Howard County residents are recycling more than ever, but the economics of the county's recycling program have grown HTC shaky, according to the county's annual report on recycling released this week.
Howard's recycling rate climbed to 32.3 percent in 1996, a record, thanks to a surge in recycling after County Executive Charles I. Ecker imposed a limit of four cans a week on trash collection last summer.
But higher costs for recyclables -- combined with lower costs at landfills -- have called the economics of recycling into question.
"It's still cheaper than trash," said county recycling chief Linda Fields. "Not by much, but it's still cheaper."
The report says recycling has saved Howard County more than $1 million a year for the last three years. But the savings are dropping to $28,000 a year.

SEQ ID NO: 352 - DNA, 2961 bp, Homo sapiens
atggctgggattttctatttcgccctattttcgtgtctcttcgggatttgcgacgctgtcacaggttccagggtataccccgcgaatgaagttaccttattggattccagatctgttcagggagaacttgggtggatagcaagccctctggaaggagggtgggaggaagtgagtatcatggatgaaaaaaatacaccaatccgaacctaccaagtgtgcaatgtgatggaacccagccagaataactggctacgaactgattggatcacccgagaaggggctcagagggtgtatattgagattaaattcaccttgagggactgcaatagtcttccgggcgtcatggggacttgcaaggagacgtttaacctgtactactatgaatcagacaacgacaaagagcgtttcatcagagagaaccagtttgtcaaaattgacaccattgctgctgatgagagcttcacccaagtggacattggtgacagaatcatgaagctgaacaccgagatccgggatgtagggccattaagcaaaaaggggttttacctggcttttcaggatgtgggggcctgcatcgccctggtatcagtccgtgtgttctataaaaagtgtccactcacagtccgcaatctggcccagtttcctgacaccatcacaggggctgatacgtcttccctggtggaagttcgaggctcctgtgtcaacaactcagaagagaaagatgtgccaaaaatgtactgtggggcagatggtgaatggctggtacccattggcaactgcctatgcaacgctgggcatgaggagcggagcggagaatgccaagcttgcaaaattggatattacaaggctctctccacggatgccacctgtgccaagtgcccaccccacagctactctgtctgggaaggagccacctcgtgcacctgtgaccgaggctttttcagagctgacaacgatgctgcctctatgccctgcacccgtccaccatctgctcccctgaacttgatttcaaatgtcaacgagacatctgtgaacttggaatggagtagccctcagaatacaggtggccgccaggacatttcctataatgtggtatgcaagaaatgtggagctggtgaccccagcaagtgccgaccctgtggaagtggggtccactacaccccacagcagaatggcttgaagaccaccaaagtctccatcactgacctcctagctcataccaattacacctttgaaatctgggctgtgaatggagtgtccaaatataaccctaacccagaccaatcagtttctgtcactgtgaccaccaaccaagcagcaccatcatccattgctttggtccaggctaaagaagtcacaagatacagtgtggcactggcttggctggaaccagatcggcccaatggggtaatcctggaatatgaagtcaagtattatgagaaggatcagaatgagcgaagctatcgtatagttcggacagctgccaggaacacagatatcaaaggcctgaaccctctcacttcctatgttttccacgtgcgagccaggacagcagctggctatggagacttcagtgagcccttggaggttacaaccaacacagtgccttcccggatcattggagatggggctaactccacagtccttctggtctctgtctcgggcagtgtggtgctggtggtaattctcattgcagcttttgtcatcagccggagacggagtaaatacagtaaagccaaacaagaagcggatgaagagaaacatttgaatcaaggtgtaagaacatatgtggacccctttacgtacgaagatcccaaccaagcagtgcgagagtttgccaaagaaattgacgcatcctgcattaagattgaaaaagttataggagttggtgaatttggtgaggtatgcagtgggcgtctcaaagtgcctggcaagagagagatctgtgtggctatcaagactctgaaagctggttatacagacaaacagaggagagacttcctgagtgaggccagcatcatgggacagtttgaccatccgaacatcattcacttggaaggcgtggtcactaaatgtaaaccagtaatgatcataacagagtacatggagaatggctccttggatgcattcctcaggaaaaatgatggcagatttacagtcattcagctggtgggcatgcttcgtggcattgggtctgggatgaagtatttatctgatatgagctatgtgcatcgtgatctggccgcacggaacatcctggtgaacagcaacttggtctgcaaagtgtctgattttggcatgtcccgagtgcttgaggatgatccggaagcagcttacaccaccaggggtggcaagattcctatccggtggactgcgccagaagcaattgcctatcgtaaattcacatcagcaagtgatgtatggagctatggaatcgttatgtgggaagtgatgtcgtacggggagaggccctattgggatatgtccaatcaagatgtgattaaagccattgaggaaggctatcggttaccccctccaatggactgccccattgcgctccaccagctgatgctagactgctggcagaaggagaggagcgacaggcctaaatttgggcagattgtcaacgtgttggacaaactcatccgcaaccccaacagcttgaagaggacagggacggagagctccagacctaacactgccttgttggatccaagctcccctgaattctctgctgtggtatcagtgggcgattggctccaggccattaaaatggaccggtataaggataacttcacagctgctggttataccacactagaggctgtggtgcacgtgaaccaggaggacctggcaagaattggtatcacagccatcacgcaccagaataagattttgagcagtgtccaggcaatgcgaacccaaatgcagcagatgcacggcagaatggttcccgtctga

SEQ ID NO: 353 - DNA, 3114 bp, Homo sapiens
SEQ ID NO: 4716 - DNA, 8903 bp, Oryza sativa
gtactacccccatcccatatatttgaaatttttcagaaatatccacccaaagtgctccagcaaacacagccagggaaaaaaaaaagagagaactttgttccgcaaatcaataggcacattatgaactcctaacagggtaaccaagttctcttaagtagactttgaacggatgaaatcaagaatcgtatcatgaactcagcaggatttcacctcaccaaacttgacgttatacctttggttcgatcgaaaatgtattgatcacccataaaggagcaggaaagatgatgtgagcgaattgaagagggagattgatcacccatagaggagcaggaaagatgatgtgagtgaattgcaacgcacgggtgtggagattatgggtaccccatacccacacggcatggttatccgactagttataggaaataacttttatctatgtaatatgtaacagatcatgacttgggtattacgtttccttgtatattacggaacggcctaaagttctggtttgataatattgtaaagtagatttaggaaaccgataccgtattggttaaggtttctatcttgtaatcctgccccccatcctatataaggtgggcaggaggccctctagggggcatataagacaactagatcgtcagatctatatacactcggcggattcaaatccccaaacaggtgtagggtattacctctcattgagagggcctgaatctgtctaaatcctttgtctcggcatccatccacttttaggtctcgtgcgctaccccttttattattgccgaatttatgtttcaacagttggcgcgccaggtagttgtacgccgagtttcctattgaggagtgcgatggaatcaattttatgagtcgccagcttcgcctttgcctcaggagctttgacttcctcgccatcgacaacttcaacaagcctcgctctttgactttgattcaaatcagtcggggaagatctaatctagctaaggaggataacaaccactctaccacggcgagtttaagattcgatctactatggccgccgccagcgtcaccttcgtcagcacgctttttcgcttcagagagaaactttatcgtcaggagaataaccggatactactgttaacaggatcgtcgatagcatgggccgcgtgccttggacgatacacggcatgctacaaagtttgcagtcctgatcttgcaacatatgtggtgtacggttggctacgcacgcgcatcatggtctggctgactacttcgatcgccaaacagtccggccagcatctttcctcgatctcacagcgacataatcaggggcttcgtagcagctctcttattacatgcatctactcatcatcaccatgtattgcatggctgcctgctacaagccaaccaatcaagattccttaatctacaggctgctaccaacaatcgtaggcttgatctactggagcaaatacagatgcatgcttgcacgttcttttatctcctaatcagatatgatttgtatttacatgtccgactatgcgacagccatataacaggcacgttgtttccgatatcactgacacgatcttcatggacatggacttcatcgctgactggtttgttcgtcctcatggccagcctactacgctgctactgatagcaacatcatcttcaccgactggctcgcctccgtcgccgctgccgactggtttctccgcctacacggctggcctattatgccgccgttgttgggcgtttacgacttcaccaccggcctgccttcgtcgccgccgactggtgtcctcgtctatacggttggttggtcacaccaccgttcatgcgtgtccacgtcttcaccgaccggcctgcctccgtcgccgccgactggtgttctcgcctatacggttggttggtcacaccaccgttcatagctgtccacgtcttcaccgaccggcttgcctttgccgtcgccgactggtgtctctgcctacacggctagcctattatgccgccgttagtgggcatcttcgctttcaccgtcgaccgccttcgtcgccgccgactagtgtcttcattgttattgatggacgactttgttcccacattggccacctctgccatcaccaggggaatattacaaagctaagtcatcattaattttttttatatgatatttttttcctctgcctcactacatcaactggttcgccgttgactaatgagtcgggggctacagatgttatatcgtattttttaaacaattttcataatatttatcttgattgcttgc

It is more expensive to recycle cans, bottles and yard waste than to ship them to a landfill, according to county officials. But it is still cheaper to recycle mixed paper, the biggest recyclable by tons, than to send it to a landfill.
The report says the county soon will be spending an average of $32.10 on each ton of recyclables, compared with $33 for each ton of trash sent to the King George County Landfill in Virginia, which the county began using in March. Before that, the county was spending $60 a ton to send its waste to Alpha Ridge Landfill in Marriottsville.
Other findings include:
Residential recycling grew by 14 percent in 1996, to 34,617 tons.
Business recycling fell by nearly 10 percent, to 47,601 tons.
Howard County government recycled 263 tons of office paper, an increase of 34 percent.
Recycling in Howard apartments and condominiums grew to 1,254 tons, up 73 percent.
Pub Date: 5/15/97